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Io look once more into each other's face:
A FACT LITERALLY RENDERED.
I stoon beside the grave of him who blazed
With not the less of sorrow and of awe Wore an unearthly aspect, as by fits
On that neglected turf and quiet stone, The flashes fell upon them; some lay down With name no clearer than the names unknown, And hid their eyes and wept; and some did rest Which lay unread around it; and I ask'd Their chins upon their clenched hands, and smiled, The Gardener of that ground, why it might be And others hurried to and fro, and fed
That for this plant strangers his memory task'd Their funeral piles with fuel, and look'd up Through the thick deaths of half a century; With mad disquietude on the dull sky,
And thus he answer'-"Well, I do not know The pall of a past world; and then again
Why frequent travellers turn to pilgrimsso;
And is this all? I thought,- and do we rip
The veil of Immortality ? and crave
Whose minglings might confuse a Newton's thought
As 'twere the twilight of a former Sun, Of famine fed upon all entrails--men
Thus spoke he,--I believe the man of whom Died, and their bones were tombless as their flesh; You wot, who lies in this selected tomb, The meagre by the meagre were devour'd,
Was a most famous writer in his day, Even dogs assail'd their masters, all save one, And therefore travellers step from out their way And he was faithful to a corse, and kept
|To pay him honor,--and myself whate'er The birds and beasts and famish'd men at bay, Your honor pleases,”-then most pleased I shook Till hunger clung them, or the drooping dead From out my pocket's avaricious nook Lured their lank jaws; himself sought out no food, Some certain coins of silver, which as 'twere But with a piteous and perpetual moan,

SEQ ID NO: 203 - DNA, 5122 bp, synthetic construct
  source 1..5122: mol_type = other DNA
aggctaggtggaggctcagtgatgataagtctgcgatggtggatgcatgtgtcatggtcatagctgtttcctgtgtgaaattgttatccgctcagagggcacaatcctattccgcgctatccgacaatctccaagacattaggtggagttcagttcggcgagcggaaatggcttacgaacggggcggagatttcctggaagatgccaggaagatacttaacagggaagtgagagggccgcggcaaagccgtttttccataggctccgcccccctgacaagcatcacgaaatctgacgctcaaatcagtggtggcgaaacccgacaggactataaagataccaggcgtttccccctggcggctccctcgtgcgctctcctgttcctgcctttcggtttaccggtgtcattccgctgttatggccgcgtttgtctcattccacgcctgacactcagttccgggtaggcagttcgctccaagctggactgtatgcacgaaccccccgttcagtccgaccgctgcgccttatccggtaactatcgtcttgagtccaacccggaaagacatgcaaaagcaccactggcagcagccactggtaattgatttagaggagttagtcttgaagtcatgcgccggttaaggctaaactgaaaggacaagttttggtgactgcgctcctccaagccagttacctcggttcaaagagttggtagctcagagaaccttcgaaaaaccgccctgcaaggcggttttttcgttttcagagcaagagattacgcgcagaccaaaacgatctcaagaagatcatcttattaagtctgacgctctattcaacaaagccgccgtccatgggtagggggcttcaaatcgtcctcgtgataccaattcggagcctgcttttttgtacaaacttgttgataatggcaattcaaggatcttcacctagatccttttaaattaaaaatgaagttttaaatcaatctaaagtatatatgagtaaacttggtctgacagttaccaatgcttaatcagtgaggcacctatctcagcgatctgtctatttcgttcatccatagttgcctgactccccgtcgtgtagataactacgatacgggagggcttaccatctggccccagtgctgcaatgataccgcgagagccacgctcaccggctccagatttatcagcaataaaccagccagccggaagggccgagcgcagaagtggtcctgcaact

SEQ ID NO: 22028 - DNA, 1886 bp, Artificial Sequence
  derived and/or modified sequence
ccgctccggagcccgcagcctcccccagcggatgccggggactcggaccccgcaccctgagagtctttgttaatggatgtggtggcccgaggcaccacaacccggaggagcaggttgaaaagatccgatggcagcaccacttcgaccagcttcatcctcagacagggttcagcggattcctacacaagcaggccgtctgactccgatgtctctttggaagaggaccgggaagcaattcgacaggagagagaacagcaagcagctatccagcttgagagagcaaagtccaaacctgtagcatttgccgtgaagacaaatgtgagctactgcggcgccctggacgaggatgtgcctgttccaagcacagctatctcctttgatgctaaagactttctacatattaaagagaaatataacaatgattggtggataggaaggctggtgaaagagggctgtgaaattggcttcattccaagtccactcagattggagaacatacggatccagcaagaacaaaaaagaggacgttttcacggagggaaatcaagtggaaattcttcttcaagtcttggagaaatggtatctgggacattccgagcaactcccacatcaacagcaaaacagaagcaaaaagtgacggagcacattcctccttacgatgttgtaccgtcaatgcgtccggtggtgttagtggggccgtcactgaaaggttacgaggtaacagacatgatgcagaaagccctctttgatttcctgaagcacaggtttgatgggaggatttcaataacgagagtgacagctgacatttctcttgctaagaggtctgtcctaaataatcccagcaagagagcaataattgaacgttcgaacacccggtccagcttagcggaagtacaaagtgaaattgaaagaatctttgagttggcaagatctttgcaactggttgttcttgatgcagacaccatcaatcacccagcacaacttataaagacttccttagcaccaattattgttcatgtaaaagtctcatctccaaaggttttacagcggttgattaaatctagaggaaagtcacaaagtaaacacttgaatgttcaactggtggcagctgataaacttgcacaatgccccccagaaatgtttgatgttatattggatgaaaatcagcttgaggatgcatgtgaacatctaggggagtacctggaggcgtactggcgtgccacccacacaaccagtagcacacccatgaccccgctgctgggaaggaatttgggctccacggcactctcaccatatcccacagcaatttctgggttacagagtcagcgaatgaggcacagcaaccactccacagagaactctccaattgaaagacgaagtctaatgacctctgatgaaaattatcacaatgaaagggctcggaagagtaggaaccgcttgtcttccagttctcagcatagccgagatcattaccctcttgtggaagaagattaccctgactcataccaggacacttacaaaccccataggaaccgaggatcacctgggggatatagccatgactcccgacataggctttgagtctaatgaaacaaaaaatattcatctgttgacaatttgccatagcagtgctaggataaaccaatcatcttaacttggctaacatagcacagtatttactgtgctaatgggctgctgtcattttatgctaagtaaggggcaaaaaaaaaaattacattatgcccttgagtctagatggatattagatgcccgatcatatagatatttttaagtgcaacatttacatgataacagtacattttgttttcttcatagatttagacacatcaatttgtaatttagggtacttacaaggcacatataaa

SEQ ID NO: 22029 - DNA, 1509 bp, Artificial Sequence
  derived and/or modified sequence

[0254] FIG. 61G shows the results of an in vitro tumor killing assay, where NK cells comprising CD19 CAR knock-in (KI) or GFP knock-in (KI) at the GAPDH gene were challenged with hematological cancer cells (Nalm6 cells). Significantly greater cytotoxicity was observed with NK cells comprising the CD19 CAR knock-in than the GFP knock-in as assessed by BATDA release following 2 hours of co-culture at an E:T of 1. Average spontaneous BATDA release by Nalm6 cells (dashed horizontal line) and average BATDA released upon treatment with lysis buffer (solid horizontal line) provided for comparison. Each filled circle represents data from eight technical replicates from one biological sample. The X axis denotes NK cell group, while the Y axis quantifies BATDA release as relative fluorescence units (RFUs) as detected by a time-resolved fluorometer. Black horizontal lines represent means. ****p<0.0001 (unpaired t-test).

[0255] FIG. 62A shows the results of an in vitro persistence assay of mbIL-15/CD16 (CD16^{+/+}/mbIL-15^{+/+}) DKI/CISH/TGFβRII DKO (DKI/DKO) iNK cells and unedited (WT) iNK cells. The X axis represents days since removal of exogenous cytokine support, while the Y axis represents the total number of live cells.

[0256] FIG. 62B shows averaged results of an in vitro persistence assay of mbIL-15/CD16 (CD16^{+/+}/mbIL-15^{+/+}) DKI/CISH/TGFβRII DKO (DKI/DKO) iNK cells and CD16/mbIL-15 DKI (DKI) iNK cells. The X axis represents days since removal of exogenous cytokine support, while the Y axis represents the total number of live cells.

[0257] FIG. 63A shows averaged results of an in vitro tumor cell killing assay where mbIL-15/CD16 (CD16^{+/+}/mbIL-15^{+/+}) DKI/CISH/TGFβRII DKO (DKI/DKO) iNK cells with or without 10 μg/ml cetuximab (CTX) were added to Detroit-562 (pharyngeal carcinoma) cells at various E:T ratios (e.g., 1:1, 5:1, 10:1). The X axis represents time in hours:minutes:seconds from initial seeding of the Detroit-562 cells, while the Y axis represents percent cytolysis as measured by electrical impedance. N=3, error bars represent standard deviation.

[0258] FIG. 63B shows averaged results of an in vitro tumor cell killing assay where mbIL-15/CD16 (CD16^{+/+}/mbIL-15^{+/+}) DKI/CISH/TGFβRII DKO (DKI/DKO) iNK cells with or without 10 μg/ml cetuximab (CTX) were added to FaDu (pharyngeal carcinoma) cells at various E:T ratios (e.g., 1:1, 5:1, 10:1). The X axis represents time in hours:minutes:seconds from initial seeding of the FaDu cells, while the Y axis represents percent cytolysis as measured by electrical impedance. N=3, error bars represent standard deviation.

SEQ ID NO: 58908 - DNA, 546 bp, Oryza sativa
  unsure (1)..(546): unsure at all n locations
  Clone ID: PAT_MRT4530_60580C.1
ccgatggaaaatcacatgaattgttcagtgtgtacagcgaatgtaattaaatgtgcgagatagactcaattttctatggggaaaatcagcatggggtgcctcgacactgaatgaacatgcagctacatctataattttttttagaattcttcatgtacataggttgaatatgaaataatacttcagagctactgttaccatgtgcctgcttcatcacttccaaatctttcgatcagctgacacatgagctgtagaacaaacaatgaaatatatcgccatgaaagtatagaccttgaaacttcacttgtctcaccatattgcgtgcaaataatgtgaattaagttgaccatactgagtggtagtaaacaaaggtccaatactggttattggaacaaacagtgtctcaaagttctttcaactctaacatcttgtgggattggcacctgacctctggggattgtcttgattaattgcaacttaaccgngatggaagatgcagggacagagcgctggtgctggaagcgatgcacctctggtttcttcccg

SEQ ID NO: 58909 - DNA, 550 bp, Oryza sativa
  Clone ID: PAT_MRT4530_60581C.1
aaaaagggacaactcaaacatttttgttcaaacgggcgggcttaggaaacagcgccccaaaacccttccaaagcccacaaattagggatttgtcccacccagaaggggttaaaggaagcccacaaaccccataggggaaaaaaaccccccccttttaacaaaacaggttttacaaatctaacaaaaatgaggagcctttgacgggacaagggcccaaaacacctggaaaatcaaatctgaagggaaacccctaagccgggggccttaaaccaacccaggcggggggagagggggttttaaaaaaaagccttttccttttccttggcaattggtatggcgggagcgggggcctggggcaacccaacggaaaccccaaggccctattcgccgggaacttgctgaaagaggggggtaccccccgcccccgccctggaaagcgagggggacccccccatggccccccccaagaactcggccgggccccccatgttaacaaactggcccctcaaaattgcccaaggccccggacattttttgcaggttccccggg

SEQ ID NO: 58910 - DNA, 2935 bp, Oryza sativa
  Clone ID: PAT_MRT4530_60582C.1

Perforce I gave this man, though I could spare And a quick desolate cry, licking the hand
So much but inconveniently ;--- Ye smile, Which answer'd not with a caress-he died. I see ye, ye profane ones! all the while, The crowd was famish’d by degrees; but two Because my homely phrase the truth would tell. Of an enormous city did survive,
You are the fools, not I-for I did dwell And they were enemies; they met beside
With a deep thought, and with a soften'd eye, The dying embers of an altar-place
On that Old Sexton's natural homily,
The Glory and the Nothing of a Name.
TITIAN! to whose immortal eyes
The sufferings of mortality, Seasonless, herbless, treeless, manless, lifeless
Seen in their sad reality, A lump of death-a chaos of hard clay.
Were not as things that gods despise ; The rivers, lakes, and ocean all stood still.
What was thy pity's recompense ? And nothing stirr'd within their silent depths ;
A silent suffering, and intense ; Ships sailorless lay rotting on the sea,
The rock, the vulture, and the chain, And their masts fell down piecemeal; as they dropp'd| All that the proud can feel of pain, They slept on the abyss without a surge
The agony they do not show, The waves were dead; the tides were in their grave, The suffocating sense of wo, The moon, their mistress, had expired before;